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Real Crime - - Contents - Ben biggs Edi­tor

he tragedy of Kim Wall’s mur­der is brought into sharp per­spec­tive by the tes­ti­mo­ni­als of her friends, fam­ily and col­leagues. They paint a pic­ture of a tal­ented and tena­cious jour­nal­ist with a ster­ling rep­u­ta­tion whose big­gest achieve­ments were still ahead of her: a quiet, thought­ful and hum­ble soul who ap­peared to drift care­free across con­ti­nents and through life, de­spite her am­bi­tions. Many felt em­pa­thy for Kim’s fam­ily and sol­i­dar­ity as fe­male jour­nal­ists. Sky News reporter Julie Astrid Thom­sen sat through the trial and said, “Feel­ing sick to my stom­ach has be­come nor­mal dur­ing th­ese 12 days of the trial... Th­ese things should not hap­pen to any­one at all. One feel­ing that stuck with me is that of im­mense sad­ness.” In the days lead­ing up to her mur­der, Mad­sen was mak­ing con­tact with other women, who de­clined the in­vi­ta­tion to take a ride with him on his sub­ma­rine. Un­for­tu­nately for Kim she was in the area, and it was a story she couldn’t re­sist. For those close to Kim, the sad­dest part is that she was sim­ply very un­lucky.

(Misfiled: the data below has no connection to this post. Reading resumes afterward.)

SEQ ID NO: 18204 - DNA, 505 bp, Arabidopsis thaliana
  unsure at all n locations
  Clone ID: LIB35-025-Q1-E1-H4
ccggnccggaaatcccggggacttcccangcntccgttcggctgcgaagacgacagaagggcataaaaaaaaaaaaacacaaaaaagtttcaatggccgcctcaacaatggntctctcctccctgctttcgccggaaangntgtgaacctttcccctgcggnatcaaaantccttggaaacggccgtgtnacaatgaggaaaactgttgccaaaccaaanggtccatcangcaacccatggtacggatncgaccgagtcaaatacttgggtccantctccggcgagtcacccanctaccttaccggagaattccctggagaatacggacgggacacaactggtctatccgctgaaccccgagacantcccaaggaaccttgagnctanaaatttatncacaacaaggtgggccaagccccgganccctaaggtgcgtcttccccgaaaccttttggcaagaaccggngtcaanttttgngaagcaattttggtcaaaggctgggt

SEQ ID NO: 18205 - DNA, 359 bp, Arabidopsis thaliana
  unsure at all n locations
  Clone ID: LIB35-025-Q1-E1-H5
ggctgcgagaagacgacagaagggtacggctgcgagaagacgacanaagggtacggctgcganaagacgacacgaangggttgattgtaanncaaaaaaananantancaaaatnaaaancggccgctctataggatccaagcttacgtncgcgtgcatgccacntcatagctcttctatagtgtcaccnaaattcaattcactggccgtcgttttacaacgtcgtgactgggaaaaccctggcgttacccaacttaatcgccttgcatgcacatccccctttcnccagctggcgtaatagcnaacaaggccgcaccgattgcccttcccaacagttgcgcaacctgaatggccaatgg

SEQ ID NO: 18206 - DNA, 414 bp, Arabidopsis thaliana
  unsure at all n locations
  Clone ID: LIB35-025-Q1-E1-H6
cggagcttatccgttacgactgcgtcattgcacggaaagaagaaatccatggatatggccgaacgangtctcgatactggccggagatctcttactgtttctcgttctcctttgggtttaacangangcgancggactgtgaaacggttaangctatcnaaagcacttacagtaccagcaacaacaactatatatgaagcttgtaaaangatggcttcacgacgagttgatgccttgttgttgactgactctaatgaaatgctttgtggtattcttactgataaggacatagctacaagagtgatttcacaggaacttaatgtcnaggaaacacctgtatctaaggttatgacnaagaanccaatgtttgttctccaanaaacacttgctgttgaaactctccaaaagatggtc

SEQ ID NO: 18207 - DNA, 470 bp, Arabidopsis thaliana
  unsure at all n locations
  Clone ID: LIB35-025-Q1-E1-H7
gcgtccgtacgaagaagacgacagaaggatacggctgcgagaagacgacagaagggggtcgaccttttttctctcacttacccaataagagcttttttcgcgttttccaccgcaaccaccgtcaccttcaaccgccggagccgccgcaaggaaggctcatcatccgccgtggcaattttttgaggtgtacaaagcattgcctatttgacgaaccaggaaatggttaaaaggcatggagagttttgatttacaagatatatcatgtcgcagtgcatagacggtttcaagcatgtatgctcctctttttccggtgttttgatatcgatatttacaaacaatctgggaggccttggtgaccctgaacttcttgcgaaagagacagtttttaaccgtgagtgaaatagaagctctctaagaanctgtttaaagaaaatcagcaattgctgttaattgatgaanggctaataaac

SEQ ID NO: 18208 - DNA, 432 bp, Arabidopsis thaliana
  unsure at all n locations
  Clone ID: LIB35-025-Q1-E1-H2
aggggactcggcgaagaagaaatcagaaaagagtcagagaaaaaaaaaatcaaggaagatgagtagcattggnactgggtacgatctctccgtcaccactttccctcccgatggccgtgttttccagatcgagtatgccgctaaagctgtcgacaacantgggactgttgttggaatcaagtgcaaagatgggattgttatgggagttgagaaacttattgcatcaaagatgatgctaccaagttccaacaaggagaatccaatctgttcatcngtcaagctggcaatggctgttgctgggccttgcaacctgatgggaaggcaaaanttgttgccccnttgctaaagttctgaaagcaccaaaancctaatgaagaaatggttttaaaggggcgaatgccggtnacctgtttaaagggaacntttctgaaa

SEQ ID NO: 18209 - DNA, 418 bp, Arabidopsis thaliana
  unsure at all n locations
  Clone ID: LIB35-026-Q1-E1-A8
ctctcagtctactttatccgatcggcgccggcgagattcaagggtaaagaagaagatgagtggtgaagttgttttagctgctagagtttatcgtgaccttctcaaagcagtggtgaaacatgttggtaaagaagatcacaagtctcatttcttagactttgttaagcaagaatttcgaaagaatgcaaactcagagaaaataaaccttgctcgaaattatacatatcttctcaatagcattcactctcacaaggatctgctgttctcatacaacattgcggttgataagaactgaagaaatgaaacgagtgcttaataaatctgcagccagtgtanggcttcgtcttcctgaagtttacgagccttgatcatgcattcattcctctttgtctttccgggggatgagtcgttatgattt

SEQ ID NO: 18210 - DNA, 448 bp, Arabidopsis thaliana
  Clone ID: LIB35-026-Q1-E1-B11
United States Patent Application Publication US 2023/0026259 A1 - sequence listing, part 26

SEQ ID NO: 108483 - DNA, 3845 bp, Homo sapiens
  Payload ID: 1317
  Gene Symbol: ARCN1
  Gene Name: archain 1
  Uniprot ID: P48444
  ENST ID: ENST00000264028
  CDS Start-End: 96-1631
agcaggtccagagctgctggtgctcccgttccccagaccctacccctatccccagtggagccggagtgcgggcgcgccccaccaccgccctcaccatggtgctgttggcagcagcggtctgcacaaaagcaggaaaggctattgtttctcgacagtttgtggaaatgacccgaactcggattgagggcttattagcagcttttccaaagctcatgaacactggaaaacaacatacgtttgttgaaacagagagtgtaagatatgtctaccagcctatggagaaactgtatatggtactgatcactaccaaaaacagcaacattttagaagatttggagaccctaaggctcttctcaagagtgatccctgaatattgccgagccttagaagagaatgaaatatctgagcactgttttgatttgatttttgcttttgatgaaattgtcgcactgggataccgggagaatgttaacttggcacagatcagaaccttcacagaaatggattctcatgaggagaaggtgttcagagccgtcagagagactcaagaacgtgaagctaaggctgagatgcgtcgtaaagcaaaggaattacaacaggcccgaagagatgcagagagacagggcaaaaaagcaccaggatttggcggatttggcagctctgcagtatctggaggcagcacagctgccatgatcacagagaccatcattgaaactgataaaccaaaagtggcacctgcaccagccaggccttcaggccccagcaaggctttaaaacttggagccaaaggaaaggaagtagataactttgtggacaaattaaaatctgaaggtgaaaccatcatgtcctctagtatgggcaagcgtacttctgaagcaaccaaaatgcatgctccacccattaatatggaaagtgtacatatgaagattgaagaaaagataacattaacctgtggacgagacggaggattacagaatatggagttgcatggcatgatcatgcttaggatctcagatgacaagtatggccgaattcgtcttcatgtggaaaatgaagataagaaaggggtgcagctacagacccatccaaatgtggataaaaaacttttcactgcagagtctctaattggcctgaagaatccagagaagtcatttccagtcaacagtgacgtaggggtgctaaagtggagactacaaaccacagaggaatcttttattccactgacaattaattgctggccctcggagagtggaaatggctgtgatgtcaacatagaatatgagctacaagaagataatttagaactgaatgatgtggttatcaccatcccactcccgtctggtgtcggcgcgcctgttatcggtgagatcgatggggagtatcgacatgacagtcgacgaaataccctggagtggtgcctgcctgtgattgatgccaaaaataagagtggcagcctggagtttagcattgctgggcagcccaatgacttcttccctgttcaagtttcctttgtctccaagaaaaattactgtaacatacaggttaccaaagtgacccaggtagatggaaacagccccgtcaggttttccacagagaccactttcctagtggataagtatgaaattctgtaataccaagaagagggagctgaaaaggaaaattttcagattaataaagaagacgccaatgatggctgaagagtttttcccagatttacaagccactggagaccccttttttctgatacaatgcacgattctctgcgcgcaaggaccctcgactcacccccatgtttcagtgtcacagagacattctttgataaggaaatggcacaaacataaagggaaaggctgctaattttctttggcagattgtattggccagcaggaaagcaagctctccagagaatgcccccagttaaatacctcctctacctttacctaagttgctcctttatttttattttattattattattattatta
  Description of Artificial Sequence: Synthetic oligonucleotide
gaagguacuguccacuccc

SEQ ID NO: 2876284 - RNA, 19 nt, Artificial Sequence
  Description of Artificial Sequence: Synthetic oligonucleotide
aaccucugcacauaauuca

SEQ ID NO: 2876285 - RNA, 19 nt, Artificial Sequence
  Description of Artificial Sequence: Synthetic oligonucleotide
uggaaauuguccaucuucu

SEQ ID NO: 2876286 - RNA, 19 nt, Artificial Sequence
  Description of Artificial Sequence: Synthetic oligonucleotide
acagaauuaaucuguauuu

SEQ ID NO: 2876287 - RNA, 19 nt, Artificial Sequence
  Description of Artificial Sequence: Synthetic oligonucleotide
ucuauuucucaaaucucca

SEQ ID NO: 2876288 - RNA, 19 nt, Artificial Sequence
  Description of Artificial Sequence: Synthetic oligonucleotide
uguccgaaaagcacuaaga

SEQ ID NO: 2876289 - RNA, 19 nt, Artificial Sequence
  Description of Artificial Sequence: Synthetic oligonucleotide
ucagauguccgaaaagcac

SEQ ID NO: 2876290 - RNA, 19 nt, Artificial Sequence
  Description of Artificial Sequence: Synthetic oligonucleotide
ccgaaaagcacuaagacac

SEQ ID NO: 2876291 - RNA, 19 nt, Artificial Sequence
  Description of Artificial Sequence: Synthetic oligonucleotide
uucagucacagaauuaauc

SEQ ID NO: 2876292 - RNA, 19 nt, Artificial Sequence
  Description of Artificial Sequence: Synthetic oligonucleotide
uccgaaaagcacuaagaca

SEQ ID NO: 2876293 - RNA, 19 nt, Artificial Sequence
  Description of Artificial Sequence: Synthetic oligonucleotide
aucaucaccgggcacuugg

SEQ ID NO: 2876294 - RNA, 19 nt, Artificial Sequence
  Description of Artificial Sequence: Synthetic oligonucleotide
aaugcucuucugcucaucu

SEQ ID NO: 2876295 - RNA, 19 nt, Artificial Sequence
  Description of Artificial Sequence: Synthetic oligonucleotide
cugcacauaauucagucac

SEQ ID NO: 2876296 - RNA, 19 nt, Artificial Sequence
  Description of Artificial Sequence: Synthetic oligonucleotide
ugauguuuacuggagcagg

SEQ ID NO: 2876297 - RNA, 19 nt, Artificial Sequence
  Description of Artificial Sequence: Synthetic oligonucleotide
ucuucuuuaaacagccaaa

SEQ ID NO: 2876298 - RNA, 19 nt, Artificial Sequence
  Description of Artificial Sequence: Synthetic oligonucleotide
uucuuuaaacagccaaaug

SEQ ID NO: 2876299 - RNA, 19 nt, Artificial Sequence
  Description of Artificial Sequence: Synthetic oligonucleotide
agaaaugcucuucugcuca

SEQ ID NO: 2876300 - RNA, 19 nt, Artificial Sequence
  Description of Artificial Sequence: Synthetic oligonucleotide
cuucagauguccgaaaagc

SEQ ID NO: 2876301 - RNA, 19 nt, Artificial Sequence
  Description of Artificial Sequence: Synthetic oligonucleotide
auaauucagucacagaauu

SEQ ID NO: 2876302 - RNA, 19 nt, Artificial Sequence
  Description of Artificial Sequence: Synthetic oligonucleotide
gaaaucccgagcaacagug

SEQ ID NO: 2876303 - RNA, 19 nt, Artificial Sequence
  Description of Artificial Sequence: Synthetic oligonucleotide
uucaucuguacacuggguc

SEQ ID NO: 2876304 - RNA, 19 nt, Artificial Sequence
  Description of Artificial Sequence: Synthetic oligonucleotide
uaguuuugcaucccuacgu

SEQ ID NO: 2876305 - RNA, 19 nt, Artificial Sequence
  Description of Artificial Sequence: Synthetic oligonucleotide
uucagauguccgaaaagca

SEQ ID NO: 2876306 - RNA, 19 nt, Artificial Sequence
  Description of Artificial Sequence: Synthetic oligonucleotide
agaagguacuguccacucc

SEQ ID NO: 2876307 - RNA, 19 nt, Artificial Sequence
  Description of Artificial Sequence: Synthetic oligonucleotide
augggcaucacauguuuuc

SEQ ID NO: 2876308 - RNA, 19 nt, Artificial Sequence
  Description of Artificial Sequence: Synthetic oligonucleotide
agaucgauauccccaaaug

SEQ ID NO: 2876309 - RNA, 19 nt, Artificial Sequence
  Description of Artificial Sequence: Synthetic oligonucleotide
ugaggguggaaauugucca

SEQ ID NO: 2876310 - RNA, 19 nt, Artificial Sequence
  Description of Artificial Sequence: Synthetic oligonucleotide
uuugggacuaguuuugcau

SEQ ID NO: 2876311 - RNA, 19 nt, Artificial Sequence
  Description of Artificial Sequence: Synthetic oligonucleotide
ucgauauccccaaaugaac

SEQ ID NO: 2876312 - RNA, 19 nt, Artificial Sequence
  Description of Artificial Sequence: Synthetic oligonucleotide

Tech­ni­cians from the Dan­ish po­lice in­ves­ti­gate Mad­sen’s UC3 Nau­tilus mini- sub, that had re­cently been re­cov­ered from the bot­tom of Køge Bay on 13 Au­gust 2017 / re­al­crimemag / re­al­crimemag

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